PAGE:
Lemon Drop Kid rated three-wide off a slow pace early, set by eventual Breeders’ Cup Classic winner Cat Thief and Belmont runner-up Vision and Verse. On the turn, Cat Thief gave way, and Lemon Drop Kid drew up to the throatlach of Vision and Verse as they entered the stretch. In a mirror image of the Belmont stretch run, Lemon Drop Kid got up in the last strides to win by ¾ of a length, with Vision and Verse holding second. To date, it’s the last time the 1-2 finishers of the Belmont also comprised the exacta in the Travers.


Arguably the best horse Hall of Fame trainer Bob Baffert has ever had in his barn, Point Given was sent off as the 9/5 favorite in the Kentucky Derby, the biggest favorite in that race in the past 25 years. However, he was too close to a fast pace, and ended up fifth. Undeterred, he bounced back with a strong Preakness victory, followed by an extremely impressive victory in the Belmont. He beat eight rivals by 12 ¼ lengths, covering the distance in 2:26.56.

After a workman-like win in the Haskell, he was sent to the Travers, to try and put the icing on the Horse of the Year cake. He was the 3-5 choice, making him the biggest Travers favorite since Easy Goer in 1989.

His many backers didn’t have to sweat too much. He moved three-wide on the final turn, and moved alongside the early leader, up-and-comer E Dubai, in the stretch. As they moved by the eighth pole, Point Given got clear of E Dubai, and drew off to win by 3 ½ emphatic lengths.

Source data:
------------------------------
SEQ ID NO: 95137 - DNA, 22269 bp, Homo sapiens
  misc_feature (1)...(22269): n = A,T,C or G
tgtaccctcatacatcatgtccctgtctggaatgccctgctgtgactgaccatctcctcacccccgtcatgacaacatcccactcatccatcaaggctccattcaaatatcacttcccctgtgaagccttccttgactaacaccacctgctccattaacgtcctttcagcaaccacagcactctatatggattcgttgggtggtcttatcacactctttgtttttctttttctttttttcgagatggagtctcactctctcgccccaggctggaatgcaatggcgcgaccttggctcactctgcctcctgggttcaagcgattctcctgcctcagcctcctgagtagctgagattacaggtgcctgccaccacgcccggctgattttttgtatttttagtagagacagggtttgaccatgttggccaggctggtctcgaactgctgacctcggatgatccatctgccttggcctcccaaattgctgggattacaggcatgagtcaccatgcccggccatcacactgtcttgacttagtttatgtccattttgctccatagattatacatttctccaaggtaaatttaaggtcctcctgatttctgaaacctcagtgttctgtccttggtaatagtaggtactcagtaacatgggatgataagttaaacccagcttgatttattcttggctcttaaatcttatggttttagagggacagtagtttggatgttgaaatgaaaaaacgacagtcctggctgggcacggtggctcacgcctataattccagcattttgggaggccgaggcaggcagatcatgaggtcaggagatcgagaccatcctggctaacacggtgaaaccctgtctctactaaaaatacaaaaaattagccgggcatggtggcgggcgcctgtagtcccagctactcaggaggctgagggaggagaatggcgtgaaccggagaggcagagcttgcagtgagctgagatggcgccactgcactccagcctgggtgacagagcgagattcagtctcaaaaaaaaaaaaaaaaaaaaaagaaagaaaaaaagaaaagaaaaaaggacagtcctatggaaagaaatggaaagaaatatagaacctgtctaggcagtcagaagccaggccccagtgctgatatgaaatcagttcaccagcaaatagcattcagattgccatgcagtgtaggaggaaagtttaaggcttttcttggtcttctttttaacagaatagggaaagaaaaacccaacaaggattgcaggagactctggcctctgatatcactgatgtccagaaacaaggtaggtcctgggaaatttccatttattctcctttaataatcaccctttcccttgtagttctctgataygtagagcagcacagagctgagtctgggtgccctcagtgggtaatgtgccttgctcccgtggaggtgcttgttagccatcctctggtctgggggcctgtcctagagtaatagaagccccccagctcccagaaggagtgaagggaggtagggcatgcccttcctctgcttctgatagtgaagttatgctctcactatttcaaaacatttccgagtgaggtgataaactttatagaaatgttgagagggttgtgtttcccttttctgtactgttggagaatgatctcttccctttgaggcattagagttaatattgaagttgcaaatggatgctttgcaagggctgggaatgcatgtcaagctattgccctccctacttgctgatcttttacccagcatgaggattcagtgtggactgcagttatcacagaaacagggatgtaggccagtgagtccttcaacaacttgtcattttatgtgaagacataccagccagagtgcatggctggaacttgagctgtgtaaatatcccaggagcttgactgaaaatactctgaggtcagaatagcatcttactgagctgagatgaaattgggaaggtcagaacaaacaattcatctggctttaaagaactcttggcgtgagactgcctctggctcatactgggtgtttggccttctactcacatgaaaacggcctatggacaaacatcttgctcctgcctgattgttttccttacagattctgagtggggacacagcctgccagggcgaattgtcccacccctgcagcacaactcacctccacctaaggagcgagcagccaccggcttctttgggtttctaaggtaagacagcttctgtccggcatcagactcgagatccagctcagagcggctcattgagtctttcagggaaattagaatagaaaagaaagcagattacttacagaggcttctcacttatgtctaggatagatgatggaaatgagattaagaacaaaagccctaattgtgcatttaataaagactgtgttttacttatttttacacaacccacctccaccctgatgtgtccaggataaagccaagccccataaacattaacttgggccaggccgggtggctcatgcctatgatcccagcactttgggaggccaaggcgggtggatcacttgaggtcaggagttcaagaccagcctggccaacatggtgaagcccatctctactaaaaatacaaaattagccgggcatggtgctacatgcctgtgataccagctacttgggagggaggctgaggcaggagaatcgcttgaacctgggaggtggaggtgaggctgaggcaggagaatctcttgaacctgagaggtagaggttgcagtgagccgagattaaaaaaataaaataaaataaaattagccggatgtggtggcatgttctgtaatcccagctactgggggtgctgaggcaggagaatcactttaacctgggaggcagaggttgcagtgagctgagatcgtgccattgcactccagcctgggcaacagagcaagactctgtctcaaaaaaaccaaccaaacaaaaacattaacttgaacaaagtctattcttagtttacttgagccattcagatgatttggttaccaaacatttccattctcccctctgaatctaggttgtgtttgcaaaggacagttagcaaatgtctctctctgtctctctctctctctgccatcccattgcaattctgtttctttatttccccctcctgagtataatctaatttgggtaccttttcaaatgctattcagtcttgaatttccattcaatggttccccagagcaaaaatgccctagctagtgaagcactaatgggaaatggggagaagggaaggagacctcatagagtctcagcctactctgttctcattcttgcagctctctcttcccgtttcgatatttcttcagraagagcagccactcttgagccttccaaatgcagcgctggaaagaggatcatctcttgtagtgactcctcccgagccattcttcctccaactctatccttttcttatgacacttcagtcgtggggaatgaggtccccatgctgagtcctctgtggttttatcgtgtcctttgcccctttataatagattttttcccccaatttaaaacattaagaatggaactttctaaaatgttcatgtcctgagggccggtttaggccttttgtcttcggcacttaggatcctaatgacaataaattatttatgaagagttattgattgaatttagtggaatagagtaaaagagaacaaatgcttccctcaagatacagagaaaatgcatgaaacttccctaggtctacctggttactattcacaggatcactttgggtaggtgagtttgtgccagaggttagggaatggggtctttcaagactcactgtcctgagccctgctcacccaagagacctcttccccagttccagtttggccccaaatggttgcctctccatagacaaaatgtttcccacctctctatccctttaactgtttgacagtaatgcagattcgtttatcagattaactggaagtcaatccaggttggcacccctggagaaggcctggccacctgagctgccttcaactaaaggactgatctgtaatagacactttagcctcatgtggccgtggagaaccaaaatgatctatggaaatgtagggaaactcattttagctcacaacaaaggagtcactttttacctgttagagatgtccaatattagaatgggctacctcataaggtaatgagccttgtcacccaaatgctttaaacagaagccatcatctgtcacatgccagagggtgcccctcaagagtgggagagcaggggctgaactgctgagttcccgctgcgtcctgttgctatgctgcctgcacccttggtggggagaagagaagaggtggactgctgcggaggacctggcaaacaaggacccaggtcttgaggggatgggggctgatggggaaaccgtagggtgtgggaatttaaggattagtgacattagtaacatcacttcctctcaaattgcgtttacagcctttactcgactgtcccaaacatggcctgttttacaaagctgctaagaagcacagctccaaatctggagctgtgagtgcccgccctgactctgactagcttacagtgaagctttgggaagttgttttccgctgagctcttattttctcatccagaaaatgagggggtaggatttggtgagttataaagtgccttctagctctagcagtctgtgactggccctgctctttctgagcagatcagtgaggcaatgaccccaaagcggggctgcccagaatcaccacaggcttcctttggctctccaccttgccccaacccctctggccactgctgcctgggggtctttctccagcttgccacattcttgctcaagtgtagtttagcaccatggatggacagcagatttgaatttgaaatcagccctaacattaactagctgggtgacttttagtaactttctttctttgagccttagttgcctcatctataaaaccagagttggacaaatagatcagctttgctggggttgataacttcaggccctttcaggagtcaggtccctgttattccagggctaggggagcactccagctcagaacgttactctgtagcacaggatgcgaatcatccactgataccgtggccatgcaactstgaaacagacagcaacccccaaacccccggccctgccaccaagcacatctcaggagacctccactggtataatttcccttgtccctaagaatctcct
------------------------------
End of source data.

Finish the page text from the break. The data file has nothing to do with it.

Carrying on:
Unfortunately, he was retired due to injury a few days later. Nevertheless, his Preakness-Belmont-Haskell-Travers run was enough to earn him the Eclipse Award for champion 3-year-old male, as well as the Horse of the Year title. He remains the only horse to win all four races.


Going into the 2004 Travers, it had been 36 years since the first family of Saratoga, the Whitneys, had won their town’s biggest race. Harry Payne Whitney owned 1929 winner Beacon Hill, and his son C.V. Whitney won it with Fisherman in 1954 and Chompion in 1968. Now, C.V.’s wife, Marylou, looked to get her first Travers winner under her name, with Birdstone.

Birdstone was rather notorious going into the Travers. After breaking his maiden at Saratoga and winning the Champagne, he had fallen out of form in the run-up to the Triple Crown. He was a non-threatening eighth in the Kentucky Derby, and was dismissed as a 36/1 afterthought in the Belmont Stakes. That race was perceived as little more than a coronation for lovable Pennsylvanian Smarty Jones, who had won the Derby and Preakness in dominating fashion, and was 1-5 to win the Triple Crown.